V spent some years working as a broker, including a stint in London, but recently turned his back on the long hours and soulless work for some months spent “reading Russian novels” and living at home with his doting parents. We asked him about Orthodox Christmas and he insisted on taking us to Sveta Sava, the largest church in Belgrade, and asking the first priest he could find about services that evening. Throughout, he gave a running tour commentary on Belgrade, pointing out historical buildings, bombing sites and the like. He told us about the bombing (“since the power was out, my friends and I had to barbeque all the meat in the fridge, which is what we did every night, have barbeques and watch the bombs like they were fireworks. And that was my war.”). Then he took us out for coffee. While drinking, I asked him if we could use his cell phone to call S and assure her we were okay, and that we hadn’t called because we hadn’t needed her help, but thank you for the offer. I felt a little foolish calling–she had probably forgotten about us–but she had been so insistent about wanting to hear from us regularly. 

“WHERE HAVE YOU BEEN?” exclaimed a delighted S. “Now, we want you to come over tomorrow to spend Christmas with us.” Er–really? Why, yes. But we have to fly back to Belgrade the next morning. No problem! They are on the same flight! They can drive us back! Then it turns out their flight was actually the day after ours, but no problem; just come out tonight, and spend the night. Well…okay. V, it turns out, is from that same area of the country and pronounced it well worth seeing, and so walked us to the bus station to get tickets, but not before we took a trip to the open air market that started this whole serendipitous adventure. Barrels of soft cheese, some feta-like, some more like creamy combination of creme fraiche and butter, various smoked and dried and cured animal parts, glass jars full of the local pepper puree, and more more more. Heavenly smelling, we wished we weren’t pressed for time so we could sample it all.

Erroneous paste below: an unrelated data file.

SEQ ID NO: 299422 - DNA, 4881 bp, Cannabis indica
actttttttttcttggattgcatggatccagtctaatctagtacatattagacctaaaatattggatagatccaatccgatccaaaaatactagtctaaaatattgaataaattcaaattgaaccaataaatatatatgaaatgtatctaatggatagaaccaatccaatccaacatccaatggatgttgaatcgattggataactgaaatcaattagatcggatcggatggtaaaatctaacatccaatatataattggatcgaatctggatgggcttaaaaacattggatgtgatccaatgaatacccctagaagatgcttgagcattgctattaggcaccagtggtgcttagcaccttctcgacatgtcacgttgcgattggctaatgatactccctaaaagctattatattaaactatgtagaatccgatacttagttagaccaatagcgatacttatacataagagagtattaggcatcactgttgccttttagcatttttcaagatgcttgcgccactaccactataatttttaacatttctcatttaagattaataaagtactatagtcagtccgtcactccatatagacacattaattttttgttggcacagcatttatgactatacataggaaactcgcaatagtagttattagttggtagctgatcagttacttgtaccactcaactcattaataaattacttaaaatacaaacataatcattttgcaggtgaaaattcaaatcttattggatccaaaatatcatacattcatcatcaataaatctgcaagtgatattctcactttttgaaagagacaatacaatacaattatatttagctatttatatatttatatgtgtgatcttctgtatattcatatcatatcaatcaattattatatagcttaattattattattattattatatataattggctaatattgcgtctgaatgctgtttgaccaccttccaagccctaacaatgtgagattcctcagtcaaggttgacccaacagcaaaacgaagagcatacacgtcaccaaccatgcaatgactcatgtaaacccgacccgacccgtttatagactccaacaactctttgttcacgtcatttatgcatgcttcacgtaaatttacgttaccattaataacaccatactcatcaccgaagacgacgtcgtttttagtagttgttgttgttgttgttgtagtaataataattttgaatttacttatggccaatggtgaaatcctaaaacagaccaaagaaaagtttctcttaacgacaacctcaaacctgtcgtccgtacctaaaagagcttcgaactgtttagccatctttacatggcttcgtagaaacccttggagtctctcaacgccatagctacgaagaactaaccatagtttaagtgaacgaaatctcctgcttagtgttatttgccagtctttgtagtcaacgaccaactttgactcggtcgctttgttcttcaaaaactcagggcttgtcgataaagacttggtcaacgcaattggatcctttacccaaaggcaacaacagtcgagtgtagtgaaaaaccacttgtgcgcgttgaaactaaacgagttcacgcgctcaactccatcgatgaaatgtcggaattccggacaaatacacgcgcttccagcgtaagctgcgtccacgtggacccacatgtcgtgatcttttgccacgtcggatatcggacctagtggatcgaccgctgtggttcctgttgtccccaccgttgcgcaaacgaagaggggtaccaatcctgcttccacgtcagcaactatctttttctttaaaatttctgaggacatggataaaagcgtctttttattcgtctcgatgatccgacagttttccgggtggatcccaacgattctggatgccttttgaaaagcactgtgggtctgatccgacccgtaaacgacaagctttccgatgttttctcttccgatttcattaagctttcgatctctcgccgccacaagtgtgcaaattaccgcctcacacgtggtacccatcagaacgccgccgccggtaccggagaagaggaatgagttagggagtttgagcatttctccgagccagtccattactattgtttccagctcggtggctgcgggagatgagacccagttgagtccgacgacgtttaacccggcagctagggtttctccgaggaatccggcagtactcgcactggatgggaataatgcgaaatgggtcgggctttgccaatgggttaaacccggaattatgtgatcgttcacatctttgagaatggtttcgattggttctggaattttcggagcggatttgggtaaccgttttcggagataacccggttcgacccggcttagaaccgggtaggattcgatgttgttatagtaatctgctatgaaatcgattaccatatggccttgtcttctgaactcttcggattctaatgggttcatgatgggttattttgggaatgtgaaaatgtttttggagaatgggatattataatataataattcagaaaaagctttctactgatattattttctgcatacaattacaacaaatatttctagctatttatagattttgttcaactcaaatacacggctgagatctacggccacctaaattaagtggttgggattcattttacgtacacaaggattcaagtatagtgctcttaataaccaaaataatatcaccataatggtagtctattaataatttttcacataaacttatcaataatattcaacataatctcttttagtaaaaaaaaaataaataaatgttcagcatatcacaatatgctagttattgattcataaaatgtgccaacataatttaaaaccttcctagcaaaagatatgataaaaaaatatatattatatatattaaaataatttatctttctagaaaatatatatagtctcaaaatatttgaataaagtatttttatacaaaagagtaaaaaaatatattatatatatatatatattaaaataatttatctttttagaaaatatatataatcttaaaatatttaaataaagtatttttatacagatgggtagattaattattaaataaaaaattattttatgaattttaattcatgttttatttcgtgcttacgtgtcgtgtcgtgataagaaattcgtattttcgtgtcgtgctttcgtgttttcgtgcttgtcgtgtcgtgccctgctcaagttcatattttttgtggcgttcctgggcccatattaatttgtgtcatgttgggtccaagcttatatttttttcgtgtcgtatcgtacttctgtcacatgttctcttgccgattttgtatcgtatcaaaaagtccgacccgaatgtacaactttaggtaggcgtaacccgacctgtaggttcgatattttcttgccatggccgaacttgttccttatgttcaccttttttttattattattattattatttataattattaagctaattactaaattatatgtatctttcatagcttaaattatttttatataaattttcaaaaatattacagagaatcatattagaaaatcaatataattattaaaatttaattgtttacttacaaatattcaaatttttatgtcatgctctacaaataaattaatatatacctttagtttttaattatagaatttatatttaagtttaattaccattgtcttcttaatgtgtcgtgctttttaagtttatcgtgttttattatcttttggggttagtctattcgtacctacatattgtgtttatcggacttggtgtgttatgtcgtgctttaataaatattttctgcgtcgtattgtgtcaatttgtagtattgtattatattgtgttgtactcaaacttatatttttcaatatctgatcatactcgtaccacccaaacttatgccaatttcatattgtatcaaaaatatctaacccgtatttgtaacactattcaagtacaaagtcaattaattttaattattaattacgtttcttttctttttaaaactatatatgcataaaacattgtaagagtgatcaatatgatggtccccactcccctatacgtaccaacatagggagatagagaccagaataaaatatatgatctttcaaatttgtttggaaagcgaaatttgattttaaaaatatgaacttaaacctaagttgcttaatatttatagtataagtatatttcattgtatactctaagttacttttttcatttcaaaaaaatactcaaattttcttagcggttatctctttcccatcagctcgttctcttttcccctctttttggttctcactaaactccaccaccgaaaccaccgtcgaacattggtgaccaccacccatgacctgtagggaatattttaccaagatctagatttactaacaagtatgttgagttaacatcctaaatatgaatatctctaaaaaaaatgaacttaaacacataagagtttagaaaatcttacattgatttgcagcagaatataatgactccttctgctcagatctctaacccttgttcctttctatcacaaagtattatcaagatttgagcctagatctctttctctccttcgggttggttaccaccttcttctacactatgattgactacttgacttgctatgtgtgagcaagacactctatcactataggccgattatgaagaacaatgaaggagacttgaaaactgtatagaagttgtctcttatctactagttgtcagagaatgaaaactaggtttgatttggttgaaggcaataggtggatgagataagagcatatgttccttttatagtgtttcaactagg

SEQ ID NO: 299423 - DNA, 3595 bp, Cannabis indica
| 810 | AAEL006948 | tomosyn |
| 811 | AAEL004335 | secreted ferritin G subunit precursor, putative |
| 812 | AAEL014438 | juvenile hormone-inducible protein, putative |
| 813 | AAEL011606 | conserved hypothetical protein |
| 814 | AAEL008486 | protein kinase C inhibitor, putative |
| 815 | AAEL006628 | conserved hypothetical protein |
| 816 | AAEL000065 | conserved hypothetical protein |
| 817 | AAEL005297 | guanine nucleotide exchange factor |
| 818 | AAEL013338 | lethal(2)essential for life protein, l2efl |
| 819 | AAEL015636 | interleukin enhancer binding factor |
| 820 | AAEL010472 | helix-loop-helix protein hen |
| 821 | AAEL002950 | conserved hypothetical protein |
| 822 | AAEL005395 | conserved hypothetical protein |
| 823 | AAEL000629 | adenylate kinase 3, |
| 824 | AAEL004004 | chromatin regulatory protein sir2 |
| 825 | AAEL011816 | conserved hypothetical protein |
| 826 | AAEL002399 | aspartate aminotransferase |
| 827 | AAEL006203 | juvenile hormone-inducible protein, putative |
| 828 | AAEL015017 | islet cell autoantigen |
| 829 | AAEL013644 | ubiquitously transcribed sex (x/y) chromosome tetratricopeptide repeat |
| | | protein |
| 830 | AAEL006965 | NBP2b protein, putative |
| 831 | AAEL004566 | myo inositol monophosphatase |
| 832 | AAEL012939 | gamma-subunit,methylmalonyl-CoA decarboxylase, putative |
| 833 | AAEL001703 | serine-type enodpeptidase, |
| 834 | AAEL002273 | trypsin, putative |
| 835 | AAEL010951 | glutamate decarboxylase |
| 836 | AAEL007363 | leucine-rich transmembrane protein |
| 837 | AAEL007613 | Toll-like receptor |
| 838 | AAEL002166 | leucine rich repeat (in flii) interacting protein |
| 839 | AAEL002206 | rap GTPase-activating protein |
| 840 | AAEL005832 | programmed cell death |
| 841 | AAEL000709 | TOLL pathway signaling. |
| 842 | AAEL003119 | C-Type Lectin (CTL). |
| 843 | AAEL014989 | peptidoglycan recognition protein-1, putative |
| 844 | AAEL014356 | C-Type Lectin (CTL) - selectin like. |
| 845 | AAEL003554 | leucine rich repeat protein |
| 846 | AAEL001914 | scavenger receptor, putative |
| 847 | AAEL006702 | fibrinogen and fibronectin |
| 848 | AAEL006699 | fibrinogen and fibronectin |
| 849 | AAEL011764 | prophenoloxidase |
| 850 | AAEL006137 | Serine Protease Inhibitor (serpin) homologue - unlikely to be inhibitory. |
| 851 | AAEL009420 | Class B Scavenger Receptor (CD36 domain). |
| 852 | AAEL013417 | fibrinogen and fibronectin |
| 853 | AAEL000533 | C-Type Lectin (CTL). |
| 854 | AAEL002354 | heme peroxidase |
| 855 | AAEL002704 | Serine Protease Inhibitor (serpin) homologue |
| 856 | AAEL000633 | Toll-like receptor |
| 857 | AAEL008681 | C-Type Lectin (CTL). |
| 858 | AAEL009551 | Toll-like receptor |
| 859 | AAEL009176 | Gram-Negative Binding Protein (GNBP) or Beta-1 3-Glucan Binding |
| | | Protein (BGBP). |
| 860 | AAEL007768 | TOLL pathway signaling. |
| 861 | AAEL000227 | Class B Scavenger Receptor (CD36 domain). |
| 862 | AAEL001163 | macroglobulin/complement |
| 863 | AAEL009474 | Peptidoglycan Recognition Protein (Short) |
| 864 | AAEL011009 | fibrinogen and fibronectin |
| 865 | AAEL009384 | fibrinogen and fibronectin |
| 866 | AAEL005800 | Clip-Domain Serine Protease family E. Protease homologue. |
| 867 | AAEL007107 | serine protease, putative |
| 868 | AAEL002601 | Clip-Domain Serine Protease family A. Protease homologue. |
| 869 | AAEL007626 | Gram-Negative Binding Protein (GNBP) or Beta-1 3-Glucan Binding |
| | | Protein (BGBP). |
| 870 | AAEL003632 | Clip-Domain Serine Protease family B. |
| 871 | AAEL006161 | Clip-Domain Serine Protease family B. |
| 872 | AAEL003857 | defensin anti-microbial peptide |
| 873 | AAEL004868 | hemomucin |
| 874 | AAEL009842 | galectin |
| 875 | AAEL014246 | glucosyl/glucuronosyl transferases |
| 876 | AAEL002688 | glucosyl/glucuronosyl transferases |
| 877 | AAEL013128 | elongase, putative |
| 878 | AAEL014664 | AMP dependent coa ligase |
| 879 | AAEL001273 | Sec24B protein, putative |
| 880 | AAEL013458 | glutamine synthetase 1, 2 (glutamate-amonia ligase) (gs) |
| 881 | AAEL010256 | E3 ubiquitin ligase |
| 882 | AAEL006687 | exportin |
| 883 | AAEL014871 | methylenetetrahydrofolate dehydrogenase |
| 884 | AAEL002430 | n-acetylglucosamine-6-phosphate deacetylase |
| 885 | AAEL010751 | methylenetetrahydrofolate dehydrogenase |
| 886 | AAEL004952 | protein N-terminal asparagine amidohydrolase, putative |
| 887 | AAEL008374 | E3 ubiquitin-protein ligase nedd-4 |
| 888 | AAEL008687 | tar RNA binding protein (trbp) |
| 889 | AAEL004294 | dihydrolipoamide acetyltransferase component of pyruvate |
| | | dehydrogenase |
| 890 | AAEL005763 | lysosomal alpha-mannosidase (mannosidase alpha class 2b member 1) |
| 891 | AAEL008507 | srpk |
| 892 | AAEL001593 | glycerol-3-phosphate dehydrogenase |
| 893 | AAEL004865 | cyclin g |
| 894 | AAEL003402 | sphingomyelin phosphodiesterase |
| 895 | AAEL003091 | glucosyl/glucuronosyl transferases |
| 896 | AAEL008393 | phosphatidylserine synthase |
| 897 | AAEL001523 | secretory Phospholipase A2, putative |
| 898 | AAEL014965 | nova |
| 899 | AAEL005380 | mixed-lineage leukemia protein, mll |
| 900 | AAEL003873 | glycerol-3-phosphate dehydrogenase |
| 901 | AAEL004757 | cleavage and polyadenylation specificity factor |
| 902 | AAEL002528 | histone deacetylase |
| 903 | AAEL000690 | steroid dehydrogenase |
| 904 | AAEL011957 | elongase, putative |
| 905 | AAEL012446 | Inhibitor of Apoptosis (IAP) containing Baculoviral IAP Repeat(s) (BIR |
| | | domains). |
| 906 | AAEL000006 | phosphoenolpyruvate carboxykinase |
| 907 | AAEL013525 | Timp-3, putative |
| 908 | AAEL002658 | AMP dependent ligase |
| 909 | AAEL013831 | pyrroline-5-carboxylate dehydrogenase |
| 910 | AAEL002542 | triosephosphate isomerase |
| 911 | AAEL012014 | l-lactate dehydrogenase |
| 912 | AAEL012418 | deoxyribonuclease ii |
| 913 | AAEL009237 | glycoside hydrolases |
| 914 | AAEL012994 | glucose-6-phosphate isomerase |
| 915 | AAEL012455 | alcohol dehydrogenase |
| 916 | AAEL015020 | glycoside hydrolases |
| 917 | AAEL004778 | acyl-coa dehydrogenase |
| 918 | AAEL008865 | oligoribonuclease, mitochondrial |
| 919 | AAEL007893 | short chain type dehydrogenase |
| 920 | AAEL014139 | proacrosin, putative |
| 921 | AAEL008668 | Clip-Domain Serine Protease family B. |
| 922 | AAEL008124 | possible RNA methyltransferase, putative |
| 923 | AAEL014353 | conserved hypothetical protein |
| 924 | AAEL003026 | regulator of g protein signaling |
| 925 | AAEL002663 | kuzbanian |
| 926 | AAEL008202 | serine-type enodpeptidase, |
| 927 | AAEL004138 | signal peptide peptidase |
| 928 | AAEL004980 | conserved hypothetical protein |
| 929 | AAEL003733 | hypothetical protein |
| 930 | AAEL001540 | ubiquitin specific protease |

But pressed we were–after all, we had to buy presents for our hosts (local candy, wine, a Serbian translation of “The Time Traveler’s Wife” because I liked it) and a few hours later, we were on a bus hurtling through the dark to who knows where. Seriously. Not sure where it was. Somewhere 120 slightly winding kilometers outside of Belgrade, in the countryside. Chacak, the town is called, and Z picked us up and took us to the sparklingly-decorated small flat he and S maintain, only to then tell us that his mom was expecting us, with a dinner feast ready to go (despite it being well after 10pm). Off we go to her place, to meet her and their two kids. And out comes the food. Dish after dish of food. It seems Serbians “fast” for some days before Christmas, and by “fast” they mean “avoid all animal byproducts except fish, but otherwise, stuff yourself.” And so we ate delicious smoked whole river fish, some kind of fatty smoked fish (smoked by them in their own smokehouse out back–wood smoke smell was everywhere out here in the country) that melted into a pure strong taste in our mouth, plus cabbage salad and an array of fancy desserts, all of which were, to our shock, homemade. Actually, everything was homemade, they said. S and Z were constantly amused by the US emphasis on “organic,” because they come from a place where everyone grows their own veggies and meat and so forth, and everyone makes their own nearly everything. (Witness V buying items at the market for his family’s Christmas dinner from the country people/farmers who sell their wares at the market.) We stop down first for a holiday custom; Z comes in saying “Merry Christmas!” three times, carrying branches of dead leaves, and each time his mother throws seeds, grains and coins at him for luck. Mom, by the way, waits on us at dinner and when we try to get her to sit down, Z shrugs it off. “No, don’t worry about it.” It’s just the way things are done.